Transport is Australia’s third-largest source of greenhouse gas emissions and accounts for 17% of the country’s total carbon emissions. What’s more, its impact has increased by 60% since 1990 — faster than any other sector.
We’ve a long way to go on the journey to cleaning up the way Australians get from A to B, but good things are happening. For starters, Airbus is working to create zero-emission hydrogen-powered planes, and the NSW government recently committed to replacing Sydney’s entire 8000-strong bus fleet with electric-powered vehicles by 2030.
Even now, as more car manufacturers work to create more affordable electric vehicles, one company in the US is already going a step further, with a three-wheeled solar and electric car that “requires no charging”.
The Aptera car, created by a startup of the same name, is powered by a combination of solar energy and electricity. Aptera says: “One of the key features that sets Aptera apart from other electric vehicles (or anything that has ever been on the road before) is our unique combination of solar and electric power that will fuel your ride without frequent stops at the charging station”.
Depending on where the driver lives and how much time they spend on the road, it’s possible the car’s owner may never need to charge their vehicle at all.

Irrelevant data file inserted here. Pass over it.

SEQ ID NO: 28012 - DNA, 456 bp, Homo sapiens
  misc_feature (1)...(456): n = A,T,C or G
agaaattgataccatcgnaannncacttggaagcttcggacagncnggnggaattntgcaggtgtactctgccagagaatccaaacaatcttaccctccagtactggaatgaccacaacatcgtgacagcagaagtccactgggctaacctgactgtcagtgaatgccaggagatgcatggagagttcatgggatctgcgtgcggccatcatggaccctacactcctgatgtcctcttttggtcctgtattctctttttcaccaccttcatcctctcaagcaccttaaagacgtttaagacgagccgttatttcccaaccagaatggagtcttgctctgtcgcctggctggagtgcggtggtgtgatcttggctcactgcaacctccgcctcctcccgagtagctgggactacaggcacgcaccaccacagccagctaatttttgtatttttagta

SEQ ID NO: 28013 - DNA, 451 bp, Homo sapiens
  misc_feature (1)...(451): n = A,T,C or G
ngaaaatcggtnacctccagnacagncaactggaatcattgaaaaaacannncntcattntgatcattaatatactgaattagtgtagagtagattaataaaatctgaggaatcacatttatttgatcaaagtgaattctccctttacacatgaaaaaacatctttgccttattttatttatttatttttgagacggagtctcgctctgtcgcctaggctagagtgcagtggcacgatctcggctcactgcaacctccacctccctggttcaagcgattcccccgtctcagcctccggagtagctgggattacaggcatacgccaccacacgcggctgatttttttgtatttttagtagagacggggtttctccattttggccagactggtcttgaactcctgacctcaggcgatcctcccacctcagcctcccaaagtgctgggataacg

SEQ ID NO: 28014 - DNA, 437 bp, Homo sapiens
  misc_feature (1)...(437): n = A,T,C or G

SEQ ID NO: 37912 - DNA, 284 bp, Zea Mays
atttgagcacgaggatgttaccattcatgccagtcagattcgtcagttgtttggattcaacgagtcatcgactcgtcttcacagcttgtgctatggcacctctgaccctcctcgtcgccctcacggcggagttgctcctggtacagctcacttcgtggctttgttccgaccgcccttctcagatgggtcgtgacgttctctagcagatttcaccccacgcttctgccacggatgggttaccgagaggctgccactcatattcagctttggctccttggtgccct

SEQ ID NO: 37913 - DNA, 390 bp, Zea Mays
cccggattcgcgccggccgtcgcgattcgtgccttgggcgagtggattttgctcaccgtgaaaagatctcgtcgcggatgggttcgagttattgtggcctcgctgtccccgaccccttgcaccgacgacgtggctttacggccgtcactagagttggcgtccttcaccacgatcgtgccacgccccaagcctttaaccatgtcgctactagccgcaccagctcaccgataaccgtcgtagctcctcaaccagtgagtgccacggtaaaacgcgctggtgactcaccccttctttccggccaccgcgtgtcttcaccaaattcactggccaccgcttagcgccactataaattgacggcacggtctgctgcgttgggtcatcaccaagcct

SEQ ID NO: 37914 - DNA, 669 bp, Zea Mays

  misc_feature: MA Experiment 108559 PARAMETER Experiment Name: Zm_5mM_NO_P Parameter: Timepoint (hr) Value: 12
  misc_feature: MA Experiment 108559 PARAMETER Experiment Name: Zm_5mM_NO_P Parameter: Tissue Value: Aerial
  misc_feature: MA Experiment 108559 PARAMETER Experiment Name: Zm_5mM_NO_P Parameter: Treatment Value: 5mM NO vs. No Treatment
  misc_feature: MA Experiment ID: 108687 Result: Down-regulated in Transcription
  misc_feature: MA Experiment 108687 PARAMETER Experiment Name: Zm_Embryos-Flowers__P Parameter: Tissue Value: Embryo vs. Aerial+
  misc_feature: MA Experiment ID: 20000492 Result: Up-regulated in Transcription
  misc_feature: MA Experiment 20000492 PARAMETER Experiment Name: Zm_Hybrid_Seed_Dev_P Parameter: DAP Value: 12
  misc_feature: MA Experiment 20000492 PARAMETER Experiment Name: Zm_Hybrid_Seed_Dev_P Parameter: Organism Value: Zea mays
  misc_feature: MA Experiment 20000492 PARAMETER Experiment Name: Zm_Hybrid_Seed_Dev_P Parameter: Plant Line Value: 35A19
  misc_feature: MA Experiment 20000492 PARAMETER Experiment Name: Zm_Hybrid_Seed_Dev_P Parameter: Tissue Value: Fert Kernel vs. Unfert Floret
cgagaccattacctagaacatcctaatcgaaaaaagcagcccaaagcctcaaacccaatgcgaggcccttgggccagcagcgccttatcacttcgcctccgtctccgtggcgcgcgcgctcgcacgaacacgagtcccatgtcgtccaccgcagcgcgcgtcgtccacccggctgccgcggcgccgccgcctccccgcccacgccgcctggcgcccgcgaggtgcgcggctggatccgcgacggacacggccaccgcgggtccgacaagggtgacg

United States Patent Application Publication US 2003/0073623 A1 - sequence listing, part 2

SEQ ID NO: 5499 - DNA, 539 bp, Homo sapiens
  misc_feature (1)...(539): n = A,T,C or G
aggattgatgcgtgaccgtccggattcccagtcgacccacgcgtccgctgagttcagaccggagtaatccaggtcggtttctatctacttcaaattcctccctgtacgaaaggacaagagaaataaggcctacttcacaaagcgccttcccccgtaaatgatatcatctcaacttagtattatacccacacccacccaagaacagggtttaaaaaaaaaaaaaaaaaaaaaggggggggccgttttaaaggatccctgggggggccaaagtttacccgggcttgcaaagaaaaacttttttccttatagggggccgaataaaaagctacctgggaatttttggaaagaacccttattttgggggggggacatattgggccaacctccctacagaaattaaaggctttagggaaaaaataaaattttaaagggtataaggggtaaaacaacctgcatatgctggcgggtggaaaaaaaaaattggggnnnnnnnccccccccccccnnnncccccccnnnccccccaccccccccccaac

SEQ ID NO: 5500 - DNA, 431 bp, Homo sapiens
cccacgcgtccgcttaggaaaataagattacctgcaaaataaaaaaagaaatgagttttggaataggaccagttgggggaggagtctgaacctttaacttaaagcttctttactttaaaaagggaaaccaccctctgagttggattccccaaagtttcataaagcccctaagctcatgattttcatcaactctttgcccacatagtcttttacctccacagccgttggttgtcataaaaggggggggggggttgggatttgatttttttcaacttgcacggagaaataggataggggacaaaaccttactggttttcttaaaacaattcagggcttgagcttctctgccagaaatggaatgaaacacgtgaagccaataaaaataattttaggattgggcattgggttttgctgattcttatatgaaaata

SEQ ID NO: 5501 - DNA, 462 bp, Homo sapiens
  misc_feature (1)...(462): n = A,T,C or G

The Aptera is 4m long and 2.2m wide, though with its compact make can transport two adults and a pet. The car harnesses a sleek design that’s both aerodynamic and lightweight with a matte black finish on the sides, but the top of the car is shiny with 180 solar cells integrated into the car body across the bonnet, boot and top — wherever the sun touches most.
Thanks to the solar cells, the car can drive its passengers up to 40 miles or 64 kilometres per day, and up to 11,000 miles or 17,700 kilometres per year on solar power alone.
The car also has additional charging capabilities — should it need a boost an electric charging port can supply one, but with the average person driving 30 miles or 48 kilometres a day, it’s possible the car would never require a top up.
“Even though the longest-range Aptera can drive for about 1,000 miles between charge, the reality is that most of our driving is 30 miles or less,” Aptera says, according to Dezeen.
“For Aptera, 30 miles consumes about three kilowatt hour (kWh) of electricity. Now, let’s say your commute is 15 miles each way, let’s assume it’s dark when you’re driving to and from work.
“While parked at the office on a sunny day, your Aptera could put back in about 4.4 kWh, which is far more than what you’ll use that day. You’ll arrive home with more charge than when you left with. That’s how it works, it’s as simple as that.”
The Aptera site also has a calculator that allows you to work out how many times a year you would need to charge the car. Using the calculator, I discovered I would never need to charge the car based on my own location and distance needs.
While currently sold out, one could expect the Aptera to set them back US $46,900 (AU $62,200). You can find out more about the Aptera on the site now.